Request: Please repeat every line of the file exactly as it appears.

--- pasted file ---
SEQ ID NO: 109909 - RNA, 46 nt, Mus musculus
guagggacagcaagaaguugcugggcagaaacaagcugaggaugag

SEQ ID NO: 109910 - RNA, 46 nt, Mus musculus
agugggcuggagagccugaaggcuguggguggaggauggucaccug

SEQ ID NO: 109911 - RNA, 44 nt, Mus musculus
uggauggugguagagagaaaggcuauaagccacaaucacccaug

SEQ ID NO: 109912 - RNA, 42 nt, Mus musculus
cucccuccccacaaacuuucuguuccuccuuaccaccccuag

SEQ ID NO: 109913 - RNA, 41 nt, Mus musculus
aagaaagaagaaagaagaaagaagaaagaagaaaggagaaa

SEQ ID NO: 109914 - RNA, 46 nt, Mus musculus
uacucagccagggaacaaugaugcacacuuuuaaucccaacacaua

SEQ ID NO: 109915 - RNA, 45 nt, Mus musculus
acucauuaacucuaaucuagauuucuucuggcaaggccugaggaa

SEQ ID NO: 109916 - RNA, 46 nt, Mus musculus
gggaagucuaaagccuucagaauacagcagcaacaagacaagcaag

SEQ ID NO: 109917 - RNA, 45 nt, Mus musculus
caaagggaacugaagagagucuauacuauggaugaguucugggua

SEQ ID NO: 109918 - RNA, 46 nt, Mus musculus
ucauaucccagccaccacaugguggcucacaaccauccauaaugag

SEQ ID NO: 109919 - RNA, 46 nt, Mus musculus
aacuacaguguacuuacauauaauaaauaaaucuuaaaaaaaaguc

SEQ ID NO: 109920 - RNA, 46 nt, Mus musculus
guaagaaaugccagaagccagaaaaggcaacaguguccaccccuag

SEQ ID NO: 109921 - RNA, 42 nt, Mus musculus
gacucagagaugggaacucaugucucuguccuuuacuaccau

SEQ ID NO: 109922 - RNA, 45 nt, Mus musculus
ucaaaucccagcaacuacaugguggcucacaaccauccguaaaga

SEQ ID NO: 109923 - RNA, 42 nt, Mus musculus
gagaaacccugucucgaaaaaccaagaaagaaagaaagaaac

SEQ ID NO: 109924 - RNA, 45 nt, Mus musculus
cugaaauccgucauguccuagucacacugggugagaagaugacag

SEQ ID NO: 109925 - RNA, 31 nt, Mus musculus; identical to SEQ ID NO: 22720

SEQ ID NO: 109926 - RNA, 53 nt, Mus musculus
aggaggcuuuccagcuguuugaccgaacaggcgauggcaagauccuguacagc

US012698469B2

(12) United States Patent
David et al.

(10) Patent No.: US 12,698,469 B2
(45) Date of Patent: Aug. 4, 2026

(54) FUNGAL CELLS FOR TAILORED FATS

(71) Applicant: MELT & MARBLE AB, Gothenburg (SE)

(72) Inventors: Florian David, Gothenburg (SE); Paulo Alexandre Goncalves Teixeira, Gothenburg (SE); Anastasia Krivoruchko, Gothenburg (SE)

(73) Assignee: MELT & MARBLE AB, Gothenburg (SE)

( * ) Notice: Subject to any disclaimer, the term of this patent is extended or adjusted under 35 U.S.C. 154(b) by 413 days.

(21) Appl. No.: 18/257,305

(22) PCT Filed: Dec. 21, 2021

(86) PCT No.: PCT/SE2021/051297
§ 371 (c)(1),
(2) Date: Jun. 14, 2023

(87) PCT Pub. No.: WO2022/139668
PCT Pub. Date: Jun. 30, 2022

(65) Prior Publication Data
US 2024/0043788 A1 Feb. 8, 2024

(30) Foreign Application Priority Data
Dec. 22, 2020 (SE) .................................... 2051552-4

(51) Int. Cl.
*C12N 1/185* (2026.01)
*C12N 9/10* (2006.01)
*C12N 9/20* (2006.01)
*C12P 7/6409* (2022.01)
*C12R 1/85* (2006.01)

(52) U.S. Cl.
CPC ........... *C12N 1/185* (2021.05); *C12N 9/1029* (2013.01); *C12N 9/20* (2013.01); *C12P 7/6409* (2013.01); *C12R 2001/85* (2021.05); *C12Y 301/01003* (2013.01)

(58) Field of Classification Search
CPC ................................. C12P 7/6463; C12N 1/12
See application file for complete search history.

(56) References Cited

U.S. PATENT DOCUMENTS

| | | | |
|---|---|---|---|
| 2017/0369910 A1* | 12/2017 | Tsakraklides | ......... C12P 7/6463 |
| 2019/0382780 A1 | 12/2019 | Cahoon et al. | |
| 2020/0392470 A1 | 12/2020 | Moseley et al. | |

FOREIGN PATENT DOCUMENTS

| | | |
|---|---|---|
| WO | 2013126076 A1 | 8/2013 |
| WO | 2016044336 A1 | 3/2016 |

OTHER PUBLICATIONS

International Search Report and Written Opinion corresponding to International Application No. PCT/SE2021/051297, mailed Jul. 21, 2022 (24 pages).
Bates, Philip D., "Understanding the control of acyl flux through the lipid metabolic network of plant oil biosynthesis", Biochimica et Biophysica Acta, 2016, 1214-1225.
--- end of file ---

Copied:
SEQ ID NO: 109909 - RNA, 46 nt, Mus musculus
guagggacagcaagaaguugcugggcagaaacaagcugaggaugag

SEQ ID NO: 109910 - RNA, 46 nt, Mus musculus
agugggcuggagagccugaaggcuguggguggaggauggucaccug

SEQ ID NO: 109911 - RNA, 44 nt, Mus musculus
uggauggugguagagagaaaggcuauaagccacaaucacccaug

SEQ ID NO: 109912 - RNA, 42 nt, Mus musculus
cucccuccccacaaacuuucuguuccuccuuaccaccccuag

SEQ ID NO: 109913 - RNA, 41 nt, Mus musculus
aagaaagaagaaagaagaaagaagaaagaagaaaggagaaa

SEQ ID NO: 109914 - RNA, 46 nt, Mus musculus
uacucagccagggaacaaugaugcacacuuuuaaucccaacacaua

SEQ ID NO: 109915 - RNA, 45 nt, Mus musculus
acucauuaacucuaaucuagauuucuucuggcaaggccugaggaa

SEQ ID NO: 109916 - RNA, 46 nt, Mus musculus
gggaagucuaaagccuucagaauacagcagcaacaagacaagcaag

SEQ ID NO: 109917 - RNA, 45 nt, Mus musculus
caaagggaacugaagagagucuauacuauggaugaguucugggua

SEQ ID NO: 109918 - RNA, 46 nt, Mus musculus
ucauaucccagccaccacaugguggcucacaaccauccauaaugag

SEQ ID NO: 109919 - RNA, 46 nt, Mus musculus
aacuacaguguacuuacauauaauaaauaaaucuuaaaaaaaaguc

SEQ ID NO: 109920 - RNA, 46 nt, Mus musculus
guaagaaaugccagaagccagaaaaggcaacaguguccaccccuag

SEQ ID NO: 109921 - RNA, 42 nt, Mus musculus
gacucagagaugggaacucaugucucuguccuuuacuaccau

SEQ ID NO: 109922 - RNA, 45 nt, Mus musculus
ucaaaucccagcaacuacaugguggcucacaaccauccguaaaga

SEQ ID NO: 109923 - RNA, 42 nt, Mus musculus
gagaaacccugucucgaaaaaccaagaaagaaagaaagaaac

SEQ ID NO: 109924 - RNA, 45 nt, Mus musculus
cugaaauccgucauguccuagucacacugggugagaagaugacag

SEQ ID NO: 109925 - RNA, 31 nt, Mus musculus; identical to SEQ ID NO: 22720

SEQ ID NO: 109926 - RNA, 53 nt, Mus musculus
aggaggcuuuccagcuguuugaccgaacaggcgauggcaagauccuguacagc

US012698469B2

(12) United States Patent
David et al.

(10) Patent No.: US 12,698,469 B2
(45) Date of Patent: Aug. 4, 2026

(54) FUNGAL CELLS FOR TAILORED FATS

(71) Applicant: MELT & MARBLE AB, Gothenburg (SE)

(72) Inventors: Florian David, Gothenburg (SE); Paulo Alexandre Goncalves Teixeira, Gothenburg (SE); Anastasia Krivoruchko, Gothenburg (SE)

(73) Assignee: MELT & MARBLE AB, Gothenburg (SE)

( * ) Notice: Subject to any disclaimer, the term of this patent is extended or adjusted under 35 U.S.C. 154(b) by 413 days.

(21) Appl. No.: 18/257,305

(22) PCT Filed: Dec. 21, 2021

(86) PCT No.: PCT/SE2021/051297
§ 371 (c)(1),
(2) Date: Jun. 14, 2023

(87) PCT Pub. No.: WO2022/139668
PCT Pub. Date: Jun. 30, 2022

(65) Prior Publication Data
US 2024/0043788 A1 Feb. 8, 2024

(30) Foreign Application Priority Data
Dec. 22, 2020 (SE) .................................... 2051552-4

(51) Int. Cl.
*C12N 1/185* (2026.01)
*C12N 9/10* (2006.01)
*C12N 9/20* (2006.01)
*C12P 7/6409* (2022.01)
*C12R 1/85* (2006.01)

(52) U.S. Cl.
CPC ........... *C12N 1/185* (2021.05); *C12N 9/1029* (2013.01); *C12N 9/20* (2013.01); *C12P 7/6409* (2013.01); *C12R 2001/85* (2021.05); *C12Y 301/01003* (2013.01)

(58) Field of Classification Search
CPC ................................. C12P 7/6463; C12N 1/12
See application file for complete search history.

(56) References Cited

U.S. PATENT DOCUMENTS

| | | | |
|---|---|---|---|
| 2017/0369910 A1* | 12/2017 | Tsakraklides | ......... C12P 7/6463 |
| 2019/0382780 A1 | 12/2019 | Cahoon et al. | |
| 2020/0392470 A1 | 12/2020 | Moseley et al. | |

FOREIGN PATENT DOCUMENTS

| | | |
|---|---|---|
| WO | 2013126076 A1 | 8/2013 |
| WO | 2016044336 A1 | 3/2016 |

OTHER PUBLICATIONS

International Search Report and Written Opinion corresponding to International Application No. PCT/SE2021/051297, mailed Jul. 21, 2022 (24 pages).
Bates, Philip D., "Understanding the control of acyl flux through the lipid metabolic network of plant oil biosynthesis", Biochimica et Biophysica Acta, 2016, 1214-1225.